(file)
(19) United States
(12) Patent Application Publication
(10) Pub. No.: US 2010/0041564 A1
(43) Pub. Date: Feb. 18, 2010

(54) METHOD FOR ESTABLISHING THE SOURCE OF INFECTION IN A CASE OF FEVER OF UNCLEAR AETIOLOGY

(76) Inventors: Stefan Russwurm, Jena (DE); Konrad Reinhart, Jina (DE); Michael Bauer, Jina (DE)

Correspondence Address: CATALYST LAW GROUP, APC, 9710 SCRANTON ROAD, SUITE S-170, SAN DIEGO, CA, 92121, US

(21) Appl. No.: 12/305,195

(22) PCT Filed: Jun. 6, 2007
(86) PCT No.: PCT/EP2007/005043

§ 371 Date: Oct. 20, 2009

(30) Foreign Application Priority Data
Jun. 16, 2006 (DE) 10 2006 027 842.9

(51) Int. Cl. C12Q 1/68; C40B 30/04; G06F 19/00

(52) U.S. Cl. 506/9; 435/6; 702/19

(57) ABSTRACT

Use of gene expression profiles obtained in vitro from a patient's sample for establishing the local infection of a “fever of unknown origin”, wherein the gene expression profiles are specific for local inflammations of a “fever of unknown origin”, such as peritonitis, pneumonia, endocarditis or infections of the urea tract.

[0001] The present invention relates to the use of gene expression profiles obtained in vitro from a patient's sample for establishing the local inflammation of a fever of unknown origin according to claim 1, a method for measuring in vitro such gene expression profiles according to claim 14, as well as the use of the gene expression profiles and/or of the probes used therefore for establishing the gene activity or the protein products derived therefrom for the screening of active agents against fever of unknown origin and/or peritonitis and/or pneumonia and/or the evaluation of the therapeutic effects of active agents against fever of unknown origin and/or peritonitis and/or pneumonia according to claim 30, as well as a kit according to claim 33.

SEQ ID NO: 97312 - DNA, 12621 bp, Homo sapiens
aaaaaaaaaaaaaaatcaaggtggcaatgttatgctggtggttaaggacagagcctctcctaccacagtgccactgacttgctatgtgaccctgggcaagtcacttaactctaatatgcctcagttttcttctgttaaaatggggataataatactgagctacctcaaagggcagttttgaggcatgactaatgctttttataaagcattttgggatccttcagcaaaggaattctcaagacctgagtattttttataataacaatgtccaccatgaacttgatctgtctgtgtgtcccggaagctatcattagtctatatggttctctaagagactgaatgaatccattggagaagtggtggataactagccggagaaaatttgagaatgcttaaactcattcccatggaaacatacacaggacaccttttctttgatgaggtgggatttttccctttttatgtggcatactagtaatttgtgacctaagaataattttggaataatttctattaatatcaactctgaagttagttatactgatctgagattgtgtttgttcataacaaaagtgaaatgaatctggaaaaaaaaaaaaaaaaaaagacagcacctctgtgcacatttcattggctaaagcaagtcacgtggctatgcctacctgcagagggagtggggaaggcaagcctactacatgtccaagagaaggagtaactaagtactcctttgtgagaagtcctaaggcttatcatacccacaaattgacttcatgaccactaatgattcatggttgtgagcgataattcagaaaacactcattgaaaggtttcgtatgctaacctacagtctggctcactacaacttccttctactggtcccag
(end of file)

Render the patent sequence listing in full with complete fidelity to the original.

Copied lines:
(19) United States
(12) Patent Application Publication
(10) Pub. No.: US 2010/0041564 A1
(43) Pub. Date: Feb. 18, 2010

(54) METHOD FOR ESTABLISHING THE SOURCE OF INFECTION IN A CASE OF FEVER OF UNCLEAR AETIOLOGY

(76) Inventors: Stefan Russwurm, Jena (DE); Konrad Reinhart, Jina (DE); Michael Bauer, Jina (DE)

Correspondence Address: CATALYST LAW GROUP, APC, 9710 SCRANTON ROAD, SUITE S-170, SAN DIEGO, CA, 92121, US

(21) Appl. No.: 12/305,195

(22) PCT Filed: Jun. 6, 2007
(86) PCT No.: PCT/EP2007/005043

§ 371 Date: Oct. 20, 2009

(30) Foreign Application Priority Data
Jun. 16, 2006 (DE) 10 2006 027 842.9

(51) Int. Cl. C12Q 1/68; C40B 30/04; G06F 19/00

(52) U.S. Cl. 506/9; 435/6; 702/19

(57) ABSTRACT

Use of gene expression profiles obtained in vitro from a patient's sample for establishing the local infection of a “fever of unknown origin”, wherein the gene expression profiles are specific for local inflammations of a “fever of unknown origin”, such as peritonitis, pneumonia, endocarditis or infections of the urea tract.

[0001] The present invention relates to the use of gene expression profiles obtained in vitro from a patient's sample for establishing the local inflammation of a fever of unknown origin according to claim 1, a method for measuring in vitro such gene expression profiles according to claim 14, as well as the use of the gene expression profiles and/or of the probes used therefore for establishing the gene activity or the protein products derived therefrom for the screening of active agents against fever of unknown origin and/or peritonitis and/or pneumonia and/or the evaluation of the therapeutic effects of active agents against fever of unknown origin and/or peritonitis and/or pneumonia according to claim 30, as well as a kit according to claim 33.

SEQ ID NO: 97312 - DNA, 12621 bp, Homo sapiens
aaaaaaaaaaaaaaatcaaggtggcaatgttatgctggtggttaaggacagagcctctcctaccacagtgccactgacttgctatgtgaccctgggcaagtcacttaactctaatatgcctcagttttcttctgttaaaatggggataataatactgagctacctcaaagggcagttttgaggcatgactaatgctttttataaagcattttgggatccttcagcaaaggaattctcaagacctgagtattttttataataacaatgtccaccatgaacttgatctgtctgtgtgtcccggaagctatcattagtctatatggttctctaagagactgaatgaatccattggagaagtggtggataactagccggagaaaatttgagaatgcttaaactcattcccatggaaacatacacaggacaccttttctttgatgaggtgggatttttccctttttatgtggcatactagtaatttgtgacctaagaataattttggaataatttctattaatatcaactctgaagttagttatactgatctgagattgtgtttgttcataacaaaagtgaaatgaatctggaaaaaaaaaaaaaaaaaaagacagcacctctgtgcacatttcattggctaaagcaagtcacgtggctatgcctacctgcagagggagtggggaaggcaagcctactacatgtccaagagaaggagtaactaagtactcctttgtgagaagtcctaaggcttatcatacccacaaattgacttcatgaccactaatgattcatggttgtgagcgataattcagaaaacactcattgaaaggtttcgtatgctaacctacagtctggctcactacaacttccttctactggtcccag